May hunt upland game, only with a shotgun using nontoxic shot and only during waterfowl hunt- ing seasons. Bear River National Wildlife Refuge X Bear RiverTrenton Property Parcel X Bicknell Bottoms† X X Blue Lake X X Browns Park† X X Bud Phelps X Castle Dale X Clear Lake‡ X X Desert Lake† X X Farmington Bay X X Harold S. Crane X X Howard Slough X X Huntington X JamesWalter Fitzgerald X Kevin Conway X Locomotive Springs X X Manti Meadows X X *SpecifiedhuntingseasonsareauthorizedbytheUtahWildlifeBoard.Youcanfindinfor mationaboutthehunting seasonsinUtah’shuntingandfishingguidebooks.Theseguidebooksareavailablefroml icenseagentsandDivision officesandatwildlife.utah.gov/guidebooks.
†Mayhuntmourningdovewithashotgunusingnontoxicshotandduringtheseasondateslis tedonpage39. ‡MayhuntmourningdovewithashotgunusingnontoxicshotfromSept.1–15,2017 TOOELE SAN JUAN MILLARD KANE JUAB IRON EMERY UINTAH BOX ELDER GARFIELD GRAND UTAH WAYNE BEAVER DUCHESNE SEVIER SUMMIT RICH WASHINGTON CARBON SANPETE CACHE PIUTE WASATCH DAVIS WEBER DAGGETT SALT LAKE MORGAN Prairie dog hunting Closed to hunting year-round Gunnison and white-tailed prairie dog distribution Closed to hunting year-round Prairie dog hunting Gunnison and white-tailed prairie dog distribution
wildlife.utah.gov 33 Utah Upland Game & Turkey • 2017–2018 HUNT TABLES AND HABITAT MAPS *ExcludesclosedareasandNativeAmericantrustlands•Redindicatesareasofspecialn oteorsignificantchanges. 32 wildlife.utah.gov Utah Upland Game & Turkey • 2017–2018 Grouse hunts Dusky and ruffed grouse • Season dates: Sept. 1–Dec. 31, 2017 • Areas open: Statewide.* • Bag limit: 4 birds • Possession limit: 12 birds • Notes: Limits singly or in combination. Greater sage-grouse • Season dates: Sept. 30–Oct. 22, 2017 • Areas open: Diamond, Blue Mountain (SG1000); Parker Mountain (SG1001); Rich County (SG1002) andWest Box Elder County (SG1003).* Boundary maps are available online at wildlife.utah.gov/huntplanner. • Possession limit: Only 2 birds of either sex may be taken during the entire season. • Notes: Greater sage-grouse permit required. To apply for a preference point, use the code SAG in your online application.
*SpecifiedhuntingseasonsareauthorizedbytheUtahWildlifeBoard.Youcanfindinfor mationaboutthehunting seasonsinUtah’shuntingandfishingguidebooks.Theseguidebooksareavailablefroml icenseagentsandDivision officesandatwildlife.utah.gov/guidebooks. †Mayhuntmourningdovewithashotgunusingnontoxicshotandduringtheseasondateslis tedonpage39. §WeaponsarerestrictedtoonlyshotgunsandarcherytackleontheWillardBayWMA. Wildlife Manage- ment Area or National Wildlife Refuge May discharge a firearm, crossbow or archery tackle only during open hunting seasons.* May discharge a firearm, cross- bow or archery tackle only during open wa- terfowl hunting seasons.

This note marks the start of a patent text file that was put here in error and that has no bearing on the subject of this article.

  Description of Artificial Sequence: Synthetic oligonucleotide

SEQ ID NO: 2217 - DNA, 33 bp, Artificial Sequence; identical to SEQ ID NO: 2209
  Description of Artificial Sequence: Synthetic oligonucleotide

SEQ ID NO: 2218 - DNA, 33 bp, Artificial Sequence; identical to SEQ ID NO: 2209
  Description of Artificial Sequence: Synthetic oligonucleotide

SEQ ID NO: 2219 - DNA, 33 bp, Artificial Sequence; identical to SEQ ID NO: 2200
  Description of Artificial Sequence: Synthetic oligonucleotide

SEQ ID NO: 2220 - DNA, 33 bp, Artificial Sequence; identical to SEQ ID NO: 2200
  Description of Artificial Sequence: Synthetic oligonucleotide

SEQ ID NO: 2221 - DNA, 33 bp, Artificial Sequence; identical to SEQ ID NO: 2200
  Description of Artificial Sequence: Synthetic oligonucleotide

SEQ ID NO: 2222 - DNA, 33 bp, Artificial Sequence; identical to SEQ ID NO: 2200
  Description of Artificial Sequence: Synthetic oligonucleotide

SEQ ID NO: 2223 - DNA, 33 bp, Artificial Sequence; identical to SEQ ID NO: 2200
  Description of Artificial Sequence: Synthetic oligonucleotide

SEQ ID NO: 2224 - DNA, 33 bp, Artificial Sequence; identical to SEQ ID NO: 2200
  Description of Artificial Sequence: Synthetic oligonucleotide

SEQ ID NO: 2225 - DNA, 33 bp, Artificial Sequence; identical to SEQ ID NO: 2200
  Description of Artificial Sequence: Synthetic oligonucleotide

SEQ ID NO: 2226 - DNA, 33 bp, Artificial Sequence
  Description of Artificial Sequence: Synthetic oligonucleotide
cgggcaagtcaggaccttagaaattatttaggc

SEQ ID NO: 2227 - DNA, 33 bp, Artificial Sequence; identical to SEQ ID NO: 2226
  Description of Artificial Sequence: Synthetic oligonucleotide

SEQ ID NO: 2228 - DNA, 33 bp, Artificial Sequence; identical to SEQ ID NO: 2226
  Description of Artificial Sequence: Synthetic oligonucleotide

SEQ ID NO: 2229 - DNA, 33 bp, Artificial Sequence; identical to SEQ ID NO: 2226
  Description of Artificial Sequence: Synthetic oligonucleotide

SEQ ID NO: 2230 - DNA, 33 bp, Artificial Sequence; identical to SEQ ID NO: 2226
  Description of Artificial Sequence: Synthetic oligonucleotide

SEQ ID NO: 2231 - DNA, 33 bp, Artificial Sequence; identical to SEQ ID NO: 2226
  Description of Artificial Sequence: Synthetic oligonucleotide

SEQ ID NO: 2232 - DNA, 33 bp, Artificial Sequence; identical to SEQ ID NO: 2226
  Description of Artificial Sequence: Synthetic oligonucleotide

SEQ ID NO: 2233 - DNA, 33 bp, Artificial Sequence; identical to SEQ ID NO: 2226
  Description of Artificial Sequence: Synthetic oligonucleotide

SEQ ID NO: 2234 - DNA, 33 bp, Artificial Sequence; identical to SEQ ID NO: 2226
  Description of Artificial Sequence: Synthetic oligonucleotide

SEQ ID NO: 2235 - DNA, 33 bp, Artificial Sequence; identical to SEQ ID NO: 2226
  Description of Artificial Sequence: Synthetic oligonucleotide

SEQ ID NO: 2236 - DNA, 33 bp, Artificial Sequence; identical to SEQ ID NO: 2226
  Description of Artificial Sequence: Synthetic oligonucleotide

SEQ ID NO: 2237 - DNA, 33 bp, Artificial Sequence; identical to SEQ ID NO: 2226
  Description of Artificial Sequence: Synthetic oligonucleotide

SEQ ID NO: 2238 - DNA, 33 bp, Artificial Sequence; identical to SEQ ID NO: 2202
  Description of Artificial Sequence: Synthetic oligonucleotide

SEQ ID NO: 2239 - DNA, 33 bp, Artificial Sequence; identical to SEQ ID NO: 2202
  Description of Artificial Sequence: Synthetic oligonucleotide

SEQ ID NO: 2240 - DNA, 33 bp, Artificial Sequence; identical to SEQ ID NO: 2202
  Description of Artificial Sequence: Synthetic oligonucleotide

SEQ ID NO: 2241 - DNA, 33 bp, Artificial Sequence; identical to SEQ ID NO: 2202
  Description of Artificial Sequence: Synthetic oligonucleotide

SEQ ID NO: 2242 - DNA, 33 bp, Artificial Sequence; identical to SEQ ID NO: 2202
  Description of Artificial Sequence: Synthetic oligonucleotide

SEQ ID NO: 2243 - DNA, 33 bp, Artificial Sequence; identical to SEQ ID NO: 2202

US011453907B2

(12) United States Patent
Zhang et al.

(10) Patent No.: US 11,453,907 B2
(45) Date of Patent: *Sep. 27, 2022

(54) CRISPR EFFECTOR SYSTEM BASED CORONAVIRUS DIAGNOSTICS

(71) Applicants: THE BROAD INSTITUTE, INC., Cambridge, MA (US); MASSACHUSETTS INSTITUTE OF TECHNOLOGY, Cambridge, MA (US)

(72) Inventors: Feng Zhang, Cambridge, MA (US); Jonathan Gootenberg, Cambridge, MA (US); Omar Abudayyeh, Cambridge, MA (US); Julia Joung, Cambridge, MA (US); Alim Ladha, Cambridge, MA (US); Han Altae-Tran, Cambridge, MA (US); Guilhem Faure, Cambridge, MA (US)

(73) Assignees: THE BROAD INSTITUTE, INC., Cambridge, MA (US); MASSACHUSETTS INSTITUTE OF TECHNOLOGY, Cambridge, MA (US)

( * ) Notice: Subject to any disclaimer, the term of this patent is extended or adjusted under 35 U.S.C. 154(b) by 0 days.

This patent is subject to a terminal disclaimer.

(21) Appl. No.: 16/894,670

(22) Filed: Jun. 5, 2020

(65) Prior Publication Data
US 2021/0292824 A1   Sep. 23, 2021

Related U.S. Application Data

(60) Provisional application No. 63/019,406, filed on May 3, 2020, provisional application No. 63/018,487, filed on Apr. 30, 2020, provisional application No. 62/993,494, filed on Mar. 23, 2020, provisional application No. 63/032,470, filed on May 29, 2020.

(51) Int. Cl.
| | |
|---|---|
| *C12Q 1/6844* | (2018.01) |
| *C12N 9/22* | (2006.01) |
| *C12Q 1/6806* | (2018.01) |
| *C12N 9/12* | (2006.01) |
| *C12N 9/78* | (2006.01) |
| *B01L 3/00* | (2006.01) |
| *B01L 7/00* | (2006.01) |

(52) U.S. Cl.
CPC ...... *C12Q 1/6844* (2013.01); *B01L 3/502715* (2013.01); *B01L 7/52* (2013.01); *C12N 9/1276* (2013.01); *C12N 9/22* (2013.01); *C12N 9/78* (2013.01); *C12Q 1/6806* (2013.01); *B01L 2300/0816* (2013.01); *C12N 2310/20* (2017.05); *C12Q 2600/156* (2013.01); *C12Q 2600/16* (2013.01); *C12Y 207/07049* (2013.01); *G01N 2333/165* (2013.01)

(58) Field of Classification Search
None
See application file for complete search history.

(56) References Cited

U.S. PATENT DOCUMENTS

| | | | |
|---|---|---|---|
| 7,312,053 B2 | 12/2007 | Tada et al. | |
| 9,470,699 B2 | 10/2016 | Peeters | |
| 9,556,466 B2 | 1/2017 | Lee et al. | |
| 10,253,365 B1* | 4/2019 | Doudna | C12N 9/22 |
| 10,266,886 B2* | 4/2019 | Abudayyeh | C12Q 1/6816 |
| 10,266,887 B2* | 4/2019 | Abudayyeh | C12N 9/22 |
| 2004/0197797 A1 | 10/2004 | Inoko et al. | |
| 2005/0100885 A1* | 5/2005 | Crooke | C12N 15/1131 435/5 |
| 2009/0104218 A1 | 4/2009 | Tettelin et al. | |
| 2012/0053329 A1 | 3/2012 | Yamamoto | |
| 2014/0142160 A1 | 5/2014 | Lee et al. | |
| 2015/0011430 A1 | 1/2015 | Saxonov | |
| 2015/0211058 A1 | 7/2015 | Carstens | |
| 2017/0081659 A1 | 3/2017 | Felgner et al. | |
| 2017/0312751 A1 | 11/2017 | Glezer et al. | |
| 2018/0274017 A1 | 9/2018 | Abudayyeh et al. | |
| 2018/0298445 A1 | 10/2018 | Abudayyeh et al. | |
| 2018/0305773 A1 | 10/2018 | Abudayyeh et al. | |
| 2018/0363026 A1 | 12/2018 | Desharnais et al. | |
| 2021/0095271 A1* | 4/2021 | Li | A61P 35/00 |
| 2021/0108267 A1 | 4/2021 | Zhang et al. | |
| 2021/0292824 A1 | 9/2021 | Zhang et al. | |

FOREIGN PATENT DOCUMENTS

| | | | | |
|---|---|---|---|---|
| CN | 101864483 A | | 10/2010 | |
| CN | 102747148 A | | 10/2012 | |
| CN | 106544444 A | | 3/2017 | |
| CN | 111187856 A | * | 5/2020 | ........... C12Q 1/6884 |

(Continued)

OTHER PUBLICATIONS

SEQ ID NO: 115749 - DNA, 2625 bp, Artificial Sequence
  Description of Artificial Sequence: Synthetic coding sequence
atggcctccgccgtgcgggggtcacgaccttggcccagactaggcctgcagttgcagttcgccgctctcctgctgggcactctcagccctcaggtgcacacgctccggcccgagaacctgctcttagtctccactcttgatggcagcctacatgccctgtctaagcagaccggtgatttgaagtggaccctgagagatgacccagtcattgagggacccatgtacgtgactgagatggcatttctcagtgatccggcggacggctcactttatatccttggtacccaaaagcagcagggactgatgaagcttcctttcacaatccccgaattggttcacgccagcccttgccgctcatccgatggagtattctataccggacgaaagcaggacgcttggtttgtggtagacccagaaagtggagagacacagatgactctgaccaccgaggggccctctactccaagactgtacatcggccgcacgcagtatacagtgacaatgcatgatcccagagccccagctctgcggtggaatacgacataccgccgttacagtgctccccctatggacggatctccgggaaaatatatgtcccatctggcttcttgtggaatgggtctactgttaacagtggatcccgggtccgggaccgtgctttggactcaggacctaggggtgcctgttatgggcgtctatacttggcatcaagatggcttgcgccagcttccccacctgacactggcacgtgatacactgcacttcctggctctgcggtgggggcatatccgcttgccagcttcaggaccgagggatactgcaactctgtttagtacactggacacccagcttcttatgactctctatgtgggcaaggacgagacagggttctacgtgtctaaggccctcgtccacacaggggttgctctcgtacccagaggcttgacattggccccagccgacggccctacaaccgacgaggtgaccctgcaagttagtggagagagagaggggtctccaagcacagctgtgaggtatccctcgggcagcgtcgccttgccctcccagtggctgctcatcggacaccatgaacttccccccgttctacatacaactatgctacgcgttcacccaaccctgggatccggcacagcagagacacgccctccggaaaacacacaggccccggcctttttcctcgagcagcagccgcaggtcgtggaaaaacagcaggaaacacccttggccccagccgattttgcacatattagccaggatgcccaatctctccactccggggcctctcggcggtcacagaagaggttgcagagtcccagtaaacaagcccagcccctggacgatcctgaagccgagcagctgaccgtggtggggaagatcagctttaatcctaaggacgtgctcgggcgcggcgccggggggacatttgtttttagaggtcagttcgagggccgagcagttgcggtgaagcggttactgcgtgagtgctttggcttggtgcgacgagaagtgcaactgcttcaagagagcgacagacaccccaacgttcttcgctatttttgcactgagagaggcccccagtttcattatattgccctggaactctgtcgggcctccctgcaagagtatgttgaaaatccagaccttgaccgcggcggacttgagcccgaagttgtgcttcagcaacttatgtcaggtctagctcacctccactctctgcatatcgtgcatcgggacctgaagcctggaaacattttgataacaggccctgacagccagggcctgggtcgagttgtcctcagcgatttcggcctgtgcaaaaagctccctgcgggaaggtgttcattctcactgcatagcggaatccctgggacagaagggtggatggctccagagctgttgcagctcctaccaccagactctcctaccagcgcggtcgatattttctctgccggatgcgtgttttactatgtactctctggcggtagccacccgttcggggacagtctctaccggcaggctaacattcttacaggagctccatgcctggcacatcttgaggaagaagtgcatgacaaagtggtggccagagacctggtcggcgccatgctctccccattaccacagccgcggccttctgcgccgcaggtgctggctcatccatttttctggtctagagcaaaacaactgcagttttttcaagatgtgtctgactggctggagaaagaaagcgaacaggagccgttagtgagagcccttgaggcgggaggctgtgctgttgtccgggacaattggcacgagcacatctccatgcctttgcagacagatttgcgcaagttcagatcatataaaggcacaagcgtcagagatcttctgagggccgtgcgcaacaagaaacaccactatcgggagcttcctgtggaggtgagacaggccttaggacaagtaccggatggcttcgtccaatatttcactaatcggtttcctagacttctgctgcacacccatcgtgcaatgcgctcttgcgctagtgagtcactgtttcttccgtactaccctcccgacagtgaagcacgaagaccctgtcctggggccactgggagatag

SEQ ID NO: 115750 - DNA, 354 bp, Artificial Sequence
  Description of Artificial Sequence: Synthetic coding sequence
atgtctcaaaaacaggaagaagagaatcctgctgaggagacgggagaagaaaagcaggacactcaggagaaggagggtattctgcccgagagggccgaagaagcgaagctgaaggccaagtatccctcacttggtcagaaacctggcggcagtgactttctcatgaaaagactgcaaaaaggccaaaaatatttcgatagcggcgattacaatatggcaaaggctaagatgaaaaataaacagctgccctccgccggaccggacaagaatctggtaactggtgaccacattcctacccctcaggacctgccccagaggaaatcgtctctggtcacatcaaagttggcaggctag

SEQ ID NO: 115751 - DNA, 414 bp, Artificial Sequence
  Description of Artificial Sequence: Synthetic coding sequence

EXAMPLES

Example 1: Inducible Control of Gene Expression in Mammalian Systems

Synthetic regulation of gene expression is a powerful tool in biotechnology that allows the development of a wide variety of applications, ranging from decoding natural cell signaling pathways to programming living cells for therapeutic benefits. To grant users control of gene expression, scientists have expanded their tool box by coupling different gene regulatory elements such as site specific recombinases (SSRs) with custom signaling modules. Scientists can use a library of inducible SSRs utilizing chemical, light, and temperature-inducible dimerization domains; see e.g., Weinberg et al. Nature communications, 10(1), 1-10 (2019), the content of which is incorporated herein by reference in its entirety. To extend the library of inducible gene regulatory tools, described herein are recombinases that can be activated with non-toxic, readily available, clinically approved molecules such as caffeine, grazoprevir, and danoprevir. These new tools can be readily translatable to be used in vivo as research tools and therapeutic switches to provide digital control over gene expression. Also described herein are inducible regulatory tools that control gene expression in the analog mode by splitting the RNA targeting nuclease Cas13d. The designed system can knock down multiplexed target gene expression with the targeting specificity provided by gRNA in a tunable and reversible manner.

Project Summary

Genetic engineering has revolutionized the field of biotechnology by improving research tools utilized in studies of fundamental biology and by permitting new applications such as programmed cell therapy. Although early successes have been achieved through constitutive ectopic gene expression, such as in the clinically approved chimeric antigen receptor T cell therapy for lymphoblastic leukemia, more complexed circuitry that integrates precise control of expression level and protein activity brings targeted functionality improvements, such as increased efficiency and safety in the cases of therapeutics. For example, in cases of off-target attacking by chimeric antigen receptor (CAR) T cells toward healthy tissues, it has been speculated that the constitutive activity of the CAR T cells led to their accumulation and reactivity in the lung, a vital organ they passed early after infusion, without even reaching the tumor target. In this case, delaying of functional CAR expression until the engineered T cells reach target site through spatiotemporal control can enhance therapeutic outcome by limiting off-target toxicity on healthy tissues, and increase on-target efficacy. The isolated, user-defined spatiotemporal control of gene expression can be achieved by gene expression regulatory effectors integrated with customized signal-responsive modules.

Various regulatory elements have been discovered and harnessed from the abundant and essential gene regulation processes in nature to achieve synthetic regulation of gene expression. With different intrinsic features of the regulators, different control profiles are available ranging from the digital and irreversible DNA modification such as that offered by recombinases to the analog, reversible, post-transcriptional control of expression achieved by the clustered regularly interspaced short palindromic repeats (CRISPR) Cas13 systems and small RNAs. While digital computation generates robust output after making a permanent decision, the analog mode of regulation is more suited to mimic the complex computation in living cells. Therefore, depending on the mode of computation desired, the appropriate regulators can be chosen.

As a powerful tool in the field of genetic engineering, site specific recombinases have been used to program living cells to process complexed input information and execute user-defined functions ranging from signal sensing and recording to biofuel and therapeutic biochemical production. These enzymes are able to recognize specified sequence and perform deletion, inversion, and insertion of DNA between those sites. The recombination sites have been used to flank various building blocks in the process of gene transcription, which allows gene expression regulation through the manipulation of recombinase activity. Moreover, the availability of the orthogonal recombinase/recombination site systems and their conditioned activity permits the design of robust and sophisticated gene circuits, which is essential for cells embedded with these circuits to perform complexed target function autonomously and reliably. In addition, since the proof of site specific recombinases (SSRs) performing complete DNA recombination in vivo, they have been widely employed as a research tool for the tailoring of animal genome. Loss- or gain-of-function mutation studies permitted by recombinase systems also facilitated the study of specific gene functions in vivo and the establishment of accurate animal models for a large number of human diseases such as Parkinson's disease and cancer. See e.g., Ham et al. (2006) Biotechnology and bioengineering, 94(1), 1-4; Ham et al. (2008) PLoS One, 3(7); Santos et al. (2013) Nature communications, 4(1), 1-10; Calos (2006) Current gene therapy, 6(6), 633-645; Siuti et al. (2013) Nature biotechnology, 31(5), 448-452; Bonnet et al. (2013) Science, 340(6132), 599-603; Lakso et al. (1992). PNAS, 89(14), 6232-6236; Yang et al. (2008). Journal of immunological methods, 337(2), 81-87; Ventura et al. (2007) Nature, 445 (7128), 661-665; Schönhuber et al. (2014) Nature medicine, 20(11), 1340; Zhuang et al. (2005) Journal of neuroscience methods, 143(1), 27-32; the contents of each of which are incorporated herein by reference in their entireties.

May hunt upland game, only with a shotgun using nontoxic shot and only during waterfowl hunt- ing seasons. Mills Meadows X X Montes Creek X Nephi X Ogden Bay X X Ouray NationalWildlife Refuge X Pahvant X Powell Slough X X Public Shooting Grounds X X Redmond Marsh† X Richfield X Salt Creek X X Scott M. Matheson Wetland Preserve X X Stewart Lake† X X Timpie Springs X X Utah LakeWetlands Preserve† X Vernal X Willard Bay§ X Dusky grouse Ruffed grouse West Box Elder County Rich County Diamond, Blue Mountain Parker Mountain Greater sage-grouse
34 wildlife.utah.gov wildlife.utah.gov 35 Utah Upland Game & Turkey • 2017–2018 Utah Upland Game & Turkey • 2017–2018 HUNT TABLES AND HABITAT MAPS HUNT TABLES AND HABITAT MAPS *ExcludesclosedareasandNativeAmericantrustlands•Redindicatesareasofspecialn oteorsignificantchanges. *ExcludesclosedareasandNativeAmericantrustlands•Redindicatesareasofspecialn oteorsignificantchanges. Wild turkey (Limited-entryhunts) • Season dates: April 14–April 26, 2018 • Areas open: Central (TK1003), Northeastern (TK1004), Northern (TK1005), Southeastern (TK1006) and Southern (TK1007) regions.* Boundary maps are available online at wildlife.utah.gov/huntplanner. • Bag limit: 1 bearded turkey • Possession limit: 1 bearded turkey • Notes:The limited-entry hunt requires a per- mit distributed through Utah’s turkey draw- ing. See page 14 for more information.To apply for a bonus point, use the codeTKY in your online application. If you are a youth with a limited-entry permit and you don’t harvest during the limited-entry season, you may continue to hunt during the youth hunt and the spring general-season hunt. Wild turkey (Springgeneral-seasonhunts) • Season dates: April 30–May 31, 2018 •Youth hunt: April 27–29, 2018. For more information about the youth hunt, see page 15.